Naoki Kawamoto is the co-founder of N and R Foldings, a design company based in Japan and the UK. He is also a part-time lecturer at Tokyo Zokei University where he studied environmental design. He then went to London to study at the Royal College of Art and Imperial College London. Since founding his own company in 2012, he has collaborated on a number of projects with artists, businesses, and even astronauts.
Can you tell us about the place of 3D printing in your work?
When I was studying industrial design at Royal College of Art in London over ten years ago, the sketch was paramount. 3D printing was still in its infancy and most 3D printers, especially SLA or SLS ones, were very expensive. At the time, in order to test out an idea, I had to do so with cardboard and paper in order to get a sense of what my sketch would look like in the real world. This is an essential step in any of the work I do, as this is when an idea often makes it or breaks it. There are certain things we can not see on paper, shapes we cannot draw, which is why prototypes are so crucial.
Later on, I had the opportunity to discover this new technology which is now ubiquitous in my workshop. All of sudden, instead of cardboard cutouts, I could print parts of my design for real and get a more precise idea of the strengths and weaknesses of my work. What I discovered was a new tool, one which I needed to master but which could and has helped improve my work. Not change it, or inspire it, but rather, once I got the hang of things, help my work be more efficient. A 3D printer is not a magic box but a very useful tool. 3D printers aren’t an end in of themselves, they are tools and a part of a long and complex process.
What are 3D printing innovations you are the most excited about?
I’m very curious about SLA and SLS. Currently, if we want to print something using these technologies, we go through a 3rd party. SLS is great because it is so accurate and precise and best of all, prints don’t require a support structure. However, having one in the workshop is problematic. They require a lot of space as you need a washing station but also ventilation and so on.
I’m a designer not an engineer and PLA is very adapted to my day to day. I’m looking for 3D printers that are cost-effective and user-friendly. SLA and SLS are still costly and not as easy to use as FFF/FDM printers. This is changing, I’m already considering printers such as the Form 2 for the workshop so let’s see what the future holds.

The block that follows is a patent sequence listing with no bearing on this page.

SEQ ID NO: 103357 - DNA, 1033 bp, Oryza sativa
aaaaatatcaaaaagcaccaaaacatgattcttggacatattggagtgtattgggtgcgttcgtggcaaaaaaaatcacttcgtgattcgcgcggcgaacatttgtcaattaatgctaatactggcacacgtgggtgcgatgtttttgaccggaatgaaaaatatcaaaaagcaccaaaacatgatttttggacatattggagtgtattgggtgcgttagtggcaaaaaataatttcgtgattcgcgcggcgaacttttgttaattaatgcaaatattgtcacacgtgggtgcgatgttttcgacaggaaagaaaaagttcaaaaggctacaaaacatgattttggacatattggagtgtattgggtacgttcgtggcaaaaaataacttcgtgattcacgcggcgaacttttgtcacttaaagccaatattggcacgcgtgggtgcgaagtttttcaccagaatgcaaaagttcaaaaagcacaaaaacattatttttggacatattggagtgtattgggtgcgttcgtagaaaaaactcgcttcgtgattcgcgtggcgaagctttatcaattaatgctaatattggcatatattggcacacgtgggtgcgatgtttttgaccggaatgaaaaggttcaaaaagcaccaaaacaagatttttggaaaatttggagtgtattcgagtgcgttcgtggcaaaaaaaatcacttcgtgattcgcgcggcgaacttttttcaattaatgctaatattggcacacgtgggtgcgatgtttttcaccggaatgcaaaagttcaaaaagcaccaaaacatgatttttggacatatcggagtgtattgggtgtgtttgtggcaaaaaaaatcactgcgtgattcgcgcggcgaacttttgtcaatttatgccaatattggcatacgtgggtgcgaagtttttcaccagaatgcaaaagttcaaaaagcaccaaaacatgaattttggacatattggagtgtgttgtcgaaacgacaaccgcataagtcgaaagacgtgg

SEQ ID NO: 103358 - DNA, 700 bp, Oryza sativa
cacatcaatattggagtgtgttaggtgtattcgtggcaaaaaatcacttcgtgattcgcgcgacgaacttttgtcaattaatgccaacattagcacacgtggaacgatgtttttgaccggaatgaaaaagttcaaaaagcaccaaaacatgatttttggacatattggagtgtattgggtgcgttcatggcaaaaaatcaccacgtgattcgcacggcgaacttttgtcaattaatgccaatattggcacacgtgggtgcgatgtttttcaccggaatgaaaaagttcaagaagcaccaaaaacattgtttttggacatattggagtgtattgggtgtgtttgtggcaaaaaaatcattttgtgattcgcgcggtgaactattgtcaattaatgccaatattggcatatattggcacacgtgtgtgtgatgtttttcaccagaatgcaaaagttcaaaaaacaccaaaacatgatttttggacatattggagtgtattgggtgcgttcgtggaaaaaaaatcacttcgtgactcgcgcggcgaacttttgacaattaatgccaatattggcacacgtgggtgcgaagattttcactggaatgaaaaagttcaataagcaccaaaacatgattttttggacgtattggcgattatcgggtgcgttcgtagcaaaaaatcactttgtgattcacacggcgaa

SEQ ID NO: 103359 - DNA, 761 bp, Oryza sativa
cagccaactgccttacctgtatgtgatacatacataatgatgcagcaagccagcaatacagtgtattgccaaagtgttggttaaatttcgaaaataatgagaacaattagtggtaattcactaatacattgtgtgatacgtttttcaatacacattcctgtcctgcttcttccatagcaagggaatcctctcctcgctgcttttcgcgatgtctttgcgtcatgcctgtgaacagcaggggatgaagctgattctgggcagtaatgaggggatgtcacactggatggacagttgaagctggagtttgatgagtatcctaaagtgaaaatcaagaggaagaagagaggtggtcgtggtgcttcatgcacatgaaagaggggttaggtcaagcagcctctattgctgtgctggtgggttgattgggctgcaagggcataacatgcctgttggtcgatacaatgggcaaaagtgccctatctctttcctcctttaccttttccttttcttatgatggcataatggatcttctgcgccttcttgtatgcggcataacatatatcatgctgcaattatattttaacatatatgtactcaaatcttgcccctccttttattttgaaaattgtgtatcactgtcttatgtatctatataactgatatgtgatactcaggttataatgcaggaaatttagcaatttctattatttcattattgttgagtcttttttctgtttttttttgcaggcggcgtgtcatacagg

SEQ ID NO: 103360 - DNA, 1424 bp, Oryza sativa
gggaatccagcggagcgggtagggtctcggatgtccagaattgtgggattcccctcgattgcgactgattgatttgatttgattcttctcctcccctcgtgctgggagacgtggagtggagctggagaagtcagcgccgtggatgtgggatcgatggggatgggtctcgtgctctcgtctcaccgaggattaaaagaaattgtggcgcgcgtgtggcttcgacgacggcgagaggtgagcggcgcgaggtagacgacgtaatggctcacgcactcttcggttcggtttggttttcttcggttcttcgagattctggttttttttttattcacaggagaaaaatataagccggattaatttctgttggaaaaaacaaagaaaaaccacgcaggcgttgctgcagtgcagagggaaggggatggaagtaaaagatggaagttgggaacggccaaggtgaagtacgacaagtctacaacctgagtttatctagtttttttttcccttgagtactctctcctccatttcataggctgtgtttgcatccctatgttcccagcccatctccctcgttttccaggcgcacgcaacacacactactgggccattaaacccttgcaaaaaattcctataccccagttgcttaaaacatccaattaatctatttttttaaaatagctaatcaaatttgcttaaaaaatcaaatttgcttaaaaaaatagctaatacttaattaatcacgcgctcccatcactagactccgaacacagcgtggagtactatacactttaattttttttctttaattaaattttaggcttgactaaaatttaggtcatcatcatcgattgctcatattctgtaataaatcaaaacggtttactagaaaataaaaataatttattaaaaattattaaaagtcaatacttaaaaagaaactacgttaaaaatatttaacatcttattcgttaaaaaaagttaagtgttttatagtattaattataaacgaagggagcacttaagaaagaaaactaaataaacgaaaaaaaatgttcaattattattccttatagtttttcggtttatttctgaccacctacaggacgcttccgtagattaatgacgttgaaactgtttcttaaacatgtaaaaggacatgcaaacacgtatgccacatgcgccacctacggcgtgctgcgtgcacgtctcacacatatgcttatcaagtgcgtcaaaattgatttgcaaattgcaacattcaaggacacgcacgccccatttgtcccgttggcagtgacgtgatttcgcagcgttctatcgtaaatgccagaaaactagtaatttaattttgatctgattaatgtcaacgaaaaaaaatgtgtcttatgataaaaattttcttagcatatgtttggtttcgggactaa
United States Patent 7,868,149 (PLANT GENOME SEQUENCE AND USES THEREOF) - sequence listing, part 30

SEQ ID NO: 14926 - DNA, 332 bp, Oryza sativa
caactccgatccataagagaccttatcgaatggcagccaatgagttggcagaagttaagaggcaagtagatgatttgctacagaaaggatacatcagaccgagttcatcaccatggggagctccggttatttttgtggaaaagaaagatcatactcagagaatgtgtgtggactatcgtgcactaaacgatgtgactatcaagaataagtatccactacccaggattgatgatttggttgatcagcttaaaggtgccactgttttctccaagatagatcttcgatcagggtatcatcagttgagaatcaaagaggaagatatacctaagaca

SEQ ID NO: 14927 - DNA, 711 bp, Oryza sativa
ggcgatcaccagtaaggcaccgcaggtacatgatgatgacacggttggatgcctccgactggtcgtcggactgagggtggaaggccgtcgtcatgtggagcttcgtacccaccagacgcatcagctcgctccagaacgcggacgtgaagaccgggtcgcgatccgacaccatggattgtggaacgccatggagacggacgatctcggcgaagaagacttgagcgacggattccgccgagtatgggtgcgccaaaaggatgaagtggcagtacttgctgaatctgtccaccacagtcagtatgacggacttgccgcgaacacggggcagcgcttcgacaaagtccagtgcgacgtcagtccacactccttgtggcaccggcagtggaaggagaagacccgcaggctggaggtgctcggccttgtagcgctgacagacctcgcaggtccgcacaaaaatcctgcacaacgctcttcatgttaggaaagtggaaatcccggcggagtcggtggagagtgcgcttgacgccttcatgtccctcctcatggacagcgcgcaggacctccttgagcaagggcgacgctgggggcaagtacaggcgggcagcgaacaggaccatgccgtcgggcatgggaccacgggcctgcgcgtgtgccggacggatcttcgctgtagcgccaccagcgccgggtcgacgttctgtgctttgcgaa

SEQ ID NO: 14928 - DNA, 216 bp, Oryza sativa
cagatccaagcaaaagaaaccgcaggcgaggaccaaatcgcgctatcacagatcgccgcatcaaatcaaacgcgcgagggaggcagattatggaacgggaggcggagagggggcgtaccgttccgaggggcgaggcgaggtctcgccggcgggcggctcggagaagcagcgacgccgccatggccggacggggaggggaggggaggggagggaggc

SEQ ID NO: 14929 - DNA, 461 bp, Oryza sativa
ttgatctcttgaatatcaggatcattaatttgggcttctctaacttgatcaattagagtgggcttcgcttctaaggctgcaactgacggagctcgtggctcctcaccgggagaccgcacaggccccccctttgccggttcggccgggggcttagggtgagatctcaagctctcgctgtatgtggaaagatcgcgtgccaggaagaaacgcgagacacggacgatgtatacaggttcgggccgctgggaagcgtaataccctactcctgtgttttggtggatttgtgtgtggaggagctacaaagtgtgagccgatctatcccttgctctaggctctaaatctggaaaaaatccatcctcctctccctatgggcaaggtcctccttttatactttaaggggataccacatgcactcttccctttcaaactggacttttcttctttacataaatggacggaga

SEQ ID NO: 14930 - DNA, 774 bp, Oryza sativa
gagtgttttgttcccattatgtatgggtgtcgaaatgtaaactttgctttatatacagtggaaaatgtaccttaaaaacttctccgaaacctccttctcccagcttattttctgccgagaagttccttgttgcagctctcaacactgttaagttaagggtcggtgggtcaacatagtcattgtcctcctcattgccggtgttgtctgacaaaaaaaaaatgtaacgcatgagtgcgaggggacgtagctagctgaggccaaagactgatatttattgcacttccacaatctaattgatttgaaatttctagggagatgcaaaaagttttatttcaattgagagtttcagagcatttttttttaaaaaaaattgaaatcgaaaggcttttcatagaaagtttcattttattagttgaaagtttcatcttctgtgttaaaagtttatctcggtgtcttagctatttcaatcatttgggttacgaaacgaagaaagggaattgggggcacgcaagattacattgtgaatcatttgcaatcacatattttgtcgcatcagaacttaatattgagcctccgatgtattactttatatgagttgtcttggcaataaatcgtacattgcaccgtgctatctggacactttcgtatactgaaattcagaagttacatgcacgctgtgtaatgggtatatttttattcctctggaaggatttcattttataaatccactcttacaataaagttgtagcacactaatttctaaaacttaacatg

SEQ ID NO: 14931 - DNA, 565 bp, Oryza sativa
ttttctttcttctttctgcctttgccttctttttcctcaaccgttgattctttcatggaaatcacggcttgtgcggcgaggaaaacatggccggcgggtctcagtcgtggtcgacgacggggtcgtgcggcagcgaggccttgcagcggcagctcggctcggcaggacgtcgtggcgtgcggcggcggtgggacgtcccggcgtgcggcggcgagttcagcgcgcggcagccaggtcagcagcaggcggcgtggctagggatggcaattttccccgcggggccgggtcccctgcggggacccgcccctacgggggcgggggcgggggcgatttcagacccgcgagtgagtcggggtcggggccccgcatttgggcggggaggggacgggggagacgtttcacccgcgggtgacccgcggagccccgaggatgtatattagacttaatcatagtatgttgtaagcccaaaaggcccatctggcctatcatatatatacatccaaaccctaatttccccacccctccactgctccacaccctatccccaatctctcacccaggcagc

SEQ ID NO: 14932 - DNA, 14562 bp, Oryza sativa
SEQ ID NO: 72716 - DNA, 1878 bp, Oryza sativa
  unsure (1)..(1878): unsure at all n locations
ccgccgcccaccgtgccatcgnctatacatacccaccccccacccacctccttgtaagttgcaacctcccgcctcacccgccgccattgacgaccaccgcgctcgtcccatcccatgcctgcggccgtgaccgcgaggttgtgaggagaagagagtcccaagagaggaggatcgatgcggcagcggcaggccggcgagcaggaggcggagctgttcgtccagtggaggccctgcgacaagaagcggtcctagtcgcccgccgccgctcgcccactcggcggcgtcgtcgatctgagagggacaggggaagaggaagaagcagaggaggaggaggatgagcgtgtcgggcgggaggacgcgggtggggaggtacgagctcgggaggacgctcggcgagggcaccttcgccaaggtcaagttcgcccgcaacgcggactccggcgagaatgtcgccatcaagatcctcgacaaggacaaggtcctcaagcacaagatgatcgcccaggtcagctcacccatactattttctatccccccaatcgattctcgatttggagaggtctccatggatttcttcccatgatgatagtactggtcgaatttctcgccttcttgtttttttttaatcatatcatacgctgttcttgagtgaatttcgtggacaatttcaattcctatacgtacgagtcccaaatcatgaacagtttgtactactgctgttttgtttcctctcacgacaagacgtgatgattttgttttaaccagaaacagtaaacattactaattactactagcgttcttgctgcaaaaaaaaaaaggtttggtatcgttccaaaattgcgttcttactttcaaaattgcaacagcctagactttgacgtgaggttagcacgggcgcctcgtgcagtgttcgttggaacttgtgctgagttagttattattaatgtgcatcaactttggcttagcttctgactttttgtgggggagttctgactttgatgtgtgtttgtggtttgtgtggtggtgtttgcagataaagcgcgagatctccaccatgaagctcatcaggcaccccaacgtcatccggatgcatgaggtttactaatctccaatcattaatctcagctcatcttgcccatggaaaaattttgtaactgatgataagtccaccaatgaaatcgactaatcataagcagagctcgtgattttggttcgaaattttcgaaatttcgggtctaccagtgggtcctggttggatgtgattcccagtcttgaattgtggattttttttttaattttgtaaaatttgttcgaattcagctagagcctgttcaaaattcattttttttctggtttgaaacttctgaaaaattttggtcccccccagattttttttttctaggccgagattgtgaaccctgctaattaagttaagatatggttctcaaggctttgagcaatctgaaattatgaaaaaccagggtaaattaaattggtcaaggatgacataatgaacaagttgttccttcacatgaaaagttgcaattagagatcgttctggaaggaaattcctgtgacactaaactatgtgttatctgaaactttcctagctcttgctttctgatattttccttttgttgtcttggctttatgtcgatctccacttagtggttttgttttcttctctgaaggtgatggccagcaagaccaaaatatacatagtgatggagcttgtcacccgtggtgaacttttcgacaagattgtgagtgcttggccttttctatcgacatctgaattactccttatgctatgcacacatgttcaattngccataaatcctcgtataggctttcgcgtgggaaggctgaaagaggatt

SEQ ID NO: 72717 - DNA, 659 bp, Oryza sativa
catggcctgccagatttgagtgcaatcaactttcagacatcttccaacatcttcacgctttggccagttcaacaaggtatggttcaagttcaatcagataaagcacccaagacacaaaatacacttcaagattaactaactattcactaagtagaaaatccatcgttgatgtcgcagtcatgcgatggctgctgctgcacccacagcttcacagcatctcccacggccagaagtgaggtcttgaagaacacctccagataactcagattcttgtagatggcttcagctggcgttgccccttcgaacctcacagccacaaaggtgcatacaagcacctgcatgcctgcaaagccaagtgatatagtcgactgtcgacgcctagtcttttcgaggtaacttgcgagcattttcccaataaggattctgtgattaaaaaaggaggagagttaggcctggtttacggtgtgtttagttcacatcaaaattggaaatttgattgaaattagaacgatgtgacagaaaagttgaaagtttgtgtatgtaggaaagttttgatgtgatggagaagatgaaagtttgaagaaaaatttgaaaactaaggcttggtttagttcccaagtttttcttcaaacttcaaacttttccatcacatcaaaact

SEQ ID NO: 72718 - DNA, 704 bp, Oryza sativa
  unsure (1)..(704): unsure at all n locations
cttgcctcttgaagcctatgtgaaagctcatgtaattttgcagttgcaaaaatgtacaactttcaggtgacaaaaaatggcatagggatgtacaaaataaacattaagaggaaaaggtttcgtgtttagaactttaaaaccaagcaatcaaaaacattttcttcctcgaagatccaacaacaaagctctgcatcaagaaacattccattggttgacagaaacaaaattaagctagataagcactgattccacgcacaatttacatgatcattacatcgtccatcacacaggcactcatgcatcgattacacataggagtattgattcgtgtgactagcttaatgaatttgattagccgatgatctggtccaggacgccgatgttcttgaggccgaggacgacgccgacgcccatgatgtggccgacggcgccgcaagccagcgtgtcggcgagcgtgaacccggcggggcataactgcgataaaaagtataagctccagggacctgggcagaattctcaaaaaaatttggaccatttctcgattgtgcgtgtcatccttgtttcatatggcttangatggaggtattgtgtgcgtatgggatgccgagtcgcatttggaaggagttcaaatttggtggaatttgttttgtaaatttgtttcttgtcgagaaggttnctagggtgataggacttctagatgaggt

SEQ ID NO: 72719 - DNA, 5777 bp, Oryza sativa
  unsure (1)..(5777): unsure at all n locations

What are some of the 3D printers you have used over the years?
The first machine I started working with at N and R foldings was the UP Plus 2. It was an extremely robust FDM 3D printer that produced great ABS prints. Unfortunately, the build volume was quite small and to be honest I’m not a big fan of ABS. I find the post-production work quite tedious.
I then moved on to an all in one 3D printer called the Super Helper made by WINBO, a Chinese manufacturer. The Super Helper really showed me all the advantages PLA has and proved to be a great match for my work. Despite some of the negative feedback it gets, PLA is wonderful for trial productions in actual daily design work and I found it much easier and less painful to handle than ABS.
Today, I mostly use Anycubic’s i3 Mega which I’ve set up to be dedicated to PLA. I am really happy with this model: it has a simple structure, it is easy to use and reliable once you’ve set it up correctly. Parts are cheap and good quality, so maintaining them is not a hassle. It has a good sized build volume which allows me to build some quite large pieces. I’ve also setup a CR-10 Max recently for even larger prints.
You have worked on a couple of VR projects also, haven’t you?
Yes, I have collaborated on a couple of VR projects recently with KIBO SCIENCE 360 as well as Dentsu. I love VR, it’s an exciting technology and one I’m keeping an eye on for the future. Who knows, it could turn out to be a great tool!
Both these projects were inspired by the Orishiki cases we created. These carrying devices consist of a flat sheet on which a structure of triangles is laid down; it then folds neatly, like origami, into a solid case. The process we developed can be applied to a number of different use cases and we used it to create some VR headsets.
For KIBO SCIENCE 360, we took a Google Cardboard and then designed a space helmet around it. The Google Cardboard VR space helmet was then used by a group of high school kids to talk with astronauts on the ISS.
More recently, Dentsu reached out to us to help them design a collapsable VR viewer for smartphones to enrich their entertainment offering and create a new experience for their customers. This prototype was meant to provide a non-immersive and quick access VR experience so users can enjoy an instant VR replay while watching a sports game on TV or at a stadium.